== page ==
Writing teachers need to be readers.
Everybody knows that.
But what must they read? And why should they read it?
What writing teachers tend to read
If you look at lists of what writing teachers are reading (or at least what those on Twitter say they are reading), the titles tend to fall into three categories:
- nonfiction books about “soft skills” for educational settings
- nonfiction books related to writing and literacy
What I read
Labor Day weekend, I moved the stack of nonfiction books I read over the summer from the coffee table to the bookcase in the back room. (The fiction was already scattered in three rooms and on digital devices.)
When I looked at the titles, I realized (not for the first time) that I am not normal.
There’s one title about writing I read because writing is the subject I teach.
Two history books about World War I were on my list because I’m re-reading novels of the Great War era for my book review blog.
Two titles are about the American dream in today’s economy.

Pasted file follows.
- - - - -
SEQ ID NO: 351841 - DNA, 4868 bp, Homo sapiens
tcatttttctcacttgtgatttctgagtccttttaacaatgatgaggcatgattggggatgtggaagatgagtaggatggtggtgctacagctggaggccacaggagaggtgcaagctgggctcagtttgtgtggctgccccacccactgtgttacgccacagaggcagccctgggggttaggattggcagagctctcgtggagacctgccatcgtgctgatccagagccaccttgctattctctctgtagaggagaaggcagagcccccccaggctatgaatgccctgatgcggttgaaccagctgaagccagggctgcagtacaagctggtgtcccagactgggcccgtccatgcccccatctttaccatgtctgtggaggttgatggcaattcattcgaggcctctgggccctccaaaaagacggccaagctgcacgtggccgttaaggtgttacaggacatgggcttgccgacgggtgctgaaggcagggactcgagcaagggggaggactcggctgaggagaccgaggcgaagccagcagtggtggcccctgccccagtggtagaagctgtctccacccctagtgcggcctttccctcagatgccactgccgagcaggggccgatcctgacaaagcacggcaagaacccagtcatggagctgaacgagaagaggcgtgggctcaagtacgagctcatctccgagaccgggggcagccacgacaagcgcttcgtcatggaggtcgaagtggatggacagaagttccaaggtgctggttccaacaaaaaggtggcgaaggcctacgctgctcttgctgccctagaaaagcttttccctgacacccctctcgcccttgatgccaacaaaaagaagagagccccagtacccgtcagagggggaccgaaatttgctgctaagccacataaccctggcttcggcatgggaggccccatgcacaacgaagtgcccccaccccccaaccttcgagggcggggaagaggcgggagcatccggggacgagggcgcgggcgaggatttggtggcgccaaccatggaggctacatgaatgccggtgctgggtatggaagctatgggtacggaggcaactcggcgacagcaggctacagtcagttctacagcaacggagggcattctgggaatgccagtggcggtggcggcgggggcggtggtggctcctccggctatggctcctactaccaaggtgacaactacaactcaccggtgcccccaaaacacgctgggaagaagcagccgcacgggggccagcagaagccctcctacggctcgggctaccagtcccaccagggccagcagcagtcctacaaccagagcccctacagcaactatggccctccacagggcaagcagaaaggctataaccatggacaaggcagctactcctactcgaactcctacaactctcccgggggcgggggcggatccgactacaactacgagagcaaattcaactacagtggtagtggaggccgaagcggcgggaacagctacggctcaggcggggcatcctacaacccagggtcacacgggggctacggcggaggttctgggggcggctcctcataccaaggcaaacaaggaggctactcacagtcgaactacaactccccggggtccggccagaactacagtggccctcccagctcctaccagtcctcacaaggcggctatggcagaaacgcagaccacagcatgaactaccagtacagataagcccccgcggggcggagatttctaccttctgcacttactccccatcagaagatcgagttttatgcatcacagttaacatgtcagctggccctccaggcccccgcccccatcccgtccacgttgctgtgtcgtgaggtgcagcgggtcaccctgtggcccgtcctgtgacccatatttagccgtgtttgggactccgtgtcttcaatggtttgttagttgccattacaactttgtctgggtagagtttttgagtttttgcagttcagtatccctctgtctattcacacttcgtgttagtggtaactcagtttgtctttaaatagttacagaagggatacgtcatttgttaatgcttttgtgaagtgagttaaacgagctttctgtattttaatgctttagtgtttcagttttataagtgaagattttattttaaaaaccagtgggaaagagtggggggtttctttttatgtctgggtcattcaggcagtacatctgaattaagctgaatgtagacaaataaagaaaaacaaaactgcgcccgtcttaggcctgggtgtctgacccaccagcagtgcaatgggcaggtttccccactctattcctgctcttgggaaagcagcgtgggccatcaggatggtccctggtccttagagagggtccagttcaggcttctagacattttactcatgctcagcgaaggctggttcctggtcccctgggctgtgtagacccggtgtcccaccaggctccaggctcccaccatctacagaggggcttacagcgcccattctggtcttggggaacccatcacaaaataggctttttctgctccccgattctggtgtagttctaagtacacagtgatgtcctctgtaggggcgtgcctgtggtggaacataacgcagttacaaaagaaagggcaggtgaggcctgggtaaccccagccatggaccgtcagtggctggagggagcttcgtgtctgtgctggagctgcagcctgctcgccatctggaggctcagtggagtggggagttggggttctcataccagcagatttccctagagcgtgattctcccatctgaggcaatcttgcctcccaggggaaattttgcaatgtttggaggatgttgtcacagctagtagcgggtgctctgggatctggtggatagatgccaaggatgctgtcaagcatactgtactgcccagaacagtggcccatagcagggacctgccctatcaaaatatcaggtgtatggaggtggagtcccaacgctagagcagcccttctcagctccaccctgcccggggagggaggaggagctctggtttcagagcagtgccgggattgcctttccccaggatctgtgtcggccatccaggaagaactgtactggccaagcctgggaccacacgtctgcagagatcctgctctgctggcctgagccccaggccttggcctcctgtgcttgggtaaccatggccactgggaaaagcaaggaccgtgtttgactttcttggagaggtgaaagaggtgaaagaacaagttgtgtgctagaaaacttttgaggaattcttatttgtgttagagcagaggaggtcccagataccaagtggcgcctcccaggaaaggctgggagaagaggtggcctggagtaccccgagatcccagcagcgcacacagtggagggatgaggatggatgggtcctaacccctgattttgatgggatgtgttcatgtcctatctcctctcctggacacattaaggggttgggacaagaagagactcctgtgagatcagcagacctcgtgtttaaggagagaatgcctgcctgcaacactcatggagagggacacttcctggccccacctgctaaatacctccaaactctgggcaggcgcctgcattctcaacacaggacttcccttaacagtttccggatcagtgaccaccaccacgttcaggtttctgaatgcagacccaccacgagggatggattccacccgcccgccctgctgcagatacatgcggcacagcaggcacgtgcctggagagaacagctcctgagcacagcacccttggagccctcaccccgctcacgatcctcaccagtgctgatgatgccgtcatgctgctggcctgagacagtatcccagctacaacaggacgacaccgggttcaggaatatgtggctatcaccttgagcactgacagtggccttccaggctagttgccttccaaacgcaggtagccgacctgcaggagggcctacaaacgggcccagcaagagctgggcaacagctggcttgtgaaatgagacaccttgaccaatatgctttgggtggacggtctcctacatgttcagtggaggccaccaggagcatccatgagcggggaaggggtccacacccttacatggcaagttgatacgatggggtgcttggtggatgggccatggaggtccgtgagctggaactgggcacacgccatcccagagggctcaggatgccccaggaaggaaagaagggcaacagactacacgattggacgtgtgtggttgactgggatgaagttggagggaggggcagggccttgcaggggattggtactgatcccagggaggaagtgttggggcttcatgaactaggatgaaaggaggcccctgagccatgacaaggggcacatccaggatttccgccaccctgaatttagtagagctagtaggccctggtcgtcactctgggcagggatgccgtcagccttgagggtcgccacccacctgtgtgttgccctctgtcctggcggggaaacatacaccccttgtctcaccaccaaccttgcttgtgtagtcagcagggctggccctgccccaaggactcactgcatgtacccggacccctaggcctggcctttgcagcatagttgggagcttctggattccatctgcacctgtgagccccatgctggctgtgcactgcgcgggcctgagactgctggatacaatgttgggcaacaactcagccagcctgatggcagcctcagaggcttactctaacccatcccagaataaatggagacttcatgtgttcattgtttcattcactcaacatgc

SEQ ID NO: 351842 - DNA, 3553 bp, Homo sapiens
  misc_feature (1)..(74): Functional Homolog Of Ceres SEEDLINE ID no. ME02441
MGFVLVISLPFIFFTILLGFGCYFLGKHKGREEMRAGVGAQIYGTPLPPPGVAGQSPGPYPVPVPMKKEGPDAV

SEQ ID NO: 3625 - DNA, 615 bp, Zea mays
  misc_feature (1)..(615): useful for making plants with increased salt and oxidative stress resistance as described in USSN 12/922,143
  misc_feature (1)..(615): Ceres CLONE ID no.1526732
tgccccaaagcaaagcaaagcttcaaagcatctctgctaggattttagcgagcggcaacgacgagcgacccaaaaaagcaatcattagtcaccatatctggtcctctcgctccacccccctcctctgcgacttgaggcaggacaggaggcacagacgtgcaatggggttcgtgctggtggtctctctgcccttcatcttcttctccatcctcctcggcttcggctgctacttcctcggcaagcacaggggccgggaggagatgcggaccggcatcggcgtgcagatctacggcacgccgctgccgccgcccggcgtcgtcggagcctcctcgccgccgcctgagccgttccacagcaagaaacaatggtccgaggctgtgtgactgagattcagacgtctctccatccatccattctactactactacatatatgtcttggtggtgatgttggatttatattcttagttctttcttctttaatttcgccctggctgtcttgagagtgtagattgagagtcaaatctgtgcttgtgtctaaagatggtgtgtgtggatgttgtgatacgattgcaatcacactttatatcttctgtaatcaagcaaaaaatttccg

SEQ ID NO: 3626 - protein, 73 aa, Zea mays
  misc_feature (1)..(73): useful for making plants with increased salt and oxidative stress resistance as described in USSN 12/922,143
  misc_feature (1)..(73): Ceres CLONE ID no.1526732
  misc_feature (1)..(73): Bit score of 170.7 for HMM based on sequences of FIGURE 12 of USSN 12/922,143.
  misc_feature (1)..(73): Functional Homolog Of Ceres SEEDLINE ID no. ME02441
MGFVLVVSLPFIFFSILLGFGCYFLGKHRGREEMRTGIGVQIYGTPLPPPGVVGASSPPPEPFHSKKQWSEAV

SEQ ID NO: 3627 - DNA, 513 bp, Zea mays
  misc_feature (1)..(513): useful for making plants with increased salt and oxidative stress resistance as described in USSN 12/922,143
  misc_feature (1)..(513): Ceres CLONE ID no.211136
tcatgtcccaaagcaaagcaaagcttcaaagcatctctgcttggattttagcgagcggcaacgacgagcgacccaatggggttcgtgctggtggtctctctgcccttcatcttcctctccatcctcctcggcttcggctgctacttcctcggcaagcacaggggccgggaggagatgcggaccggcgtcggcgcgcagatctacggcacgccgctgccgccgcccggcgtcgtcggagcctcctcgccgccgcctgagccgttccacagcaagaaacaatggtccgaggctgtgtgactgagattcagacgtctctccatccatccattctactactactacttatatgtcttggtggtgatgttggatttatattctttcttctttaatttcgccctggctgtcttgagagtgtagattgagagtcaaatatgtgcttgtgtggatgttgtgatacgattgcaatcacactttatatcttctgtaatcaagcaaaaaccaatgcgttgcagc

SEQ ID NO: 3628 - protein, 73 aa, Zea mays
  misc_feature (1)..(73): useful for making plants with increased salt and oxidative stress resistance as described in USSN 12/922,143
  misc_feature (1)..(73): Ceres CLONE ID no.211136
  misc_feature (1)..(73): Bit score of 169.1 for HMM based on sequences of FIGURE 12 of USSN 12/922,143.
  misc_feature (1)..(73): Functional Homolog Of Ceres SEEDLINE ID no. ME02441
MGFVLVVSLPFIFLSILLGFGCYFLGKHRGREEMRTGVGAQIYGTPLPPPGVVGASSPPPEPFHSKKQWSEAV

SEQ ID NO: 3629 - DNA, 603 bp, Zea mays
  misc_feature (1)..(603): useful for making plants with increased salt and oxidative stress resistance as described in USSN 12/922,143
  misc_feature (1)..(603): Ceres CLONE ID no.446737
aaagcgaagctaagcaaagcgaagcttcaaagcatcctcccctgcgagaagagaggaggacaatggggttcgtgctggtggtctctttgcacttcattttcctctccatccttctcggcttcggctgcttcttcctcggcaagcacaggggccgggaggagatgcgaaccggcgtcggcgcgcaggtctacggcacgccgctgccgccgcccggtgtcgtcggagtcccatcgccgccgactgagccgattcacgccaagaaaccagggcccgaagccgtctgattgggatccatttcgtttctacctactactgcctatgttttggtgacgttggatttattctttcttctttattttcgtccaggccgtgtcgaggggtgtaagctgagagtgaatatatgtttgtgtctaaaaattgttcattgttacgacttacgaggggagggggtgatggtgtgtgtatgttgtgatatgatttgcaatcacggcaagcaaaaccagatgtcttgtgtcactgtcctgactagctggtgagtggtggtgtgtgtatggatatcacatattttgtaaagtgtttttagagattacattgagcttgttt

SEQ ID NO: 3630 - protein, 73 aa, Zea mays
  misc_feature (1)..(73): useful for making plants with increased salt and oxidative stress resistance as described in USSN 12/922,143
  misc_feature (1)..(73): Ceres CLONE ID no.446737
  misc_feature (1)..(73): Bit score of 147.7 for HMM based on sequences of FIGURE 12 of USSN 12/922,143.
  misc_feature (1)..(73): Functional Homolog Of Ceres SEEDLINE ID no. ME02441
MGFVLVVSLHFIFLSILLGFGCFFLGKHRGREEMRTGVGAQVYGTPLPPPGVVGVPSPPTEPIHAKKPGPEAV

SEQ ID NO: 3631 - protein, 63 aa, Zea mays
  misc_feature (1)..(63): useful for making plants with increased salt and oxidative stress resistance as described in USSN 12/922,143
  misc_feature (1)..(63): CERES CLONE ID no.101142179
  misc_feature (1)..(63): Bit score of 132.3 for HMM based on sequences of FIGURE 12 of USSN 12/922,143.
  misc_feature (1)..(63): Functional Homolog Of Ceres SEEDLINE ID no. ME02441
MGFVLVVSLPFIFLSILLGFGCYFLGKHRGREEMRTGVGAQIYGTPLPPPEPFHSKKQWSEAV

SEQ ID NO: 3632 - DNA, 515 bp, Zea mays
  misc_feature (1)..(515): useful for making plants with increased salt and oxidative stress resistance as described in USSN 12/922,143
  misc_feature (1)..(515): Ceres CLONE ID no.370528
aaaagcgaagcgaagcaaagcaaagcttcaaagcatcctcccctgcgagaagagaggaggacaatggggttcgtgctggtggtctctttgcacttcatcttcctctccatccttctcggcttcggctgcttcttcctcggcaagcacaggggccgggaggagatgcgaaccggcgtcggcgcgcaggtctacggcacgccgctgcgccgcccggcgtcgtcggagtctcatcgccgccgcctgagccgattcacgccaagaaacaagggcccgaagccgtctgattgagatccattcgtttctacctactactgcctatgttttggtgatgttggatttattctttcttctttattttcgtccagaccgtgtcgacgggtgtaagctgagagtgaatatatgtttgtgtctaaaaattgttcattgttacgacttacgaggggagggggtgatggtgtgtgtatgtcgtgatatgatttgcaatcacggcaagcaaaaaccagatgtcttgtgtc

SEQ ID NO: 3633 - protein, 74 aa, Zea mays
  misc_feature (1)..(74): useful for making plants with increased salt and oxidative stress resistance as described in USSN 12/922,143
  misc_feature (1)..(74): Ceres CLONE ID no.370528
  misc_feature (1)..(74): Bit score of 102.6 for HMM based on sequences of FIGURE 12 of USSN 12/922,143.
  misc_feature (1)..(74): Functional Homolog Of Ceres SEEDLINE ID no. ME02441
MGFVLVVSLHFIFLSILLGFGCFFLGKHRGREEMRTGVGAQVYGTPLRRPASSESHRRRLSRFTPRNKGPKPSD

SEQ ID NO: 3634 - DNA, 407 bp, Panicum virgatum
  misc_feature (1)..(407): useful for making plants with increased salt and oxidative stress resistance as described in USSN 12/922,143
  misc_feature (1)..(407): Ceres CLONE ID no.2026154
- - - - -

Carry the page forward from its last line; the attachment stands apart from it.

Two titles are about the importance of social relationships for those who want to sell good or ideas.
Two books are on principles of communicating so people get it.
The final book is a book about logotypes, “words and letters that are designed to be recognized.”
Why these particular books?
I read things that interest me, either because I am interested in a topic or because looking for ways I can use my students’ vocational interests to help them learn to write.
Getting outside of my knowledge base upsets my standard thought patterns that I can see ideas I’d never have noticed if they were wrapped in a book on something I know about.
What about you?
What nonfiction do you read?
And why do you read it?
If you need any suggestions, I’ll be happy to give you some suggestions.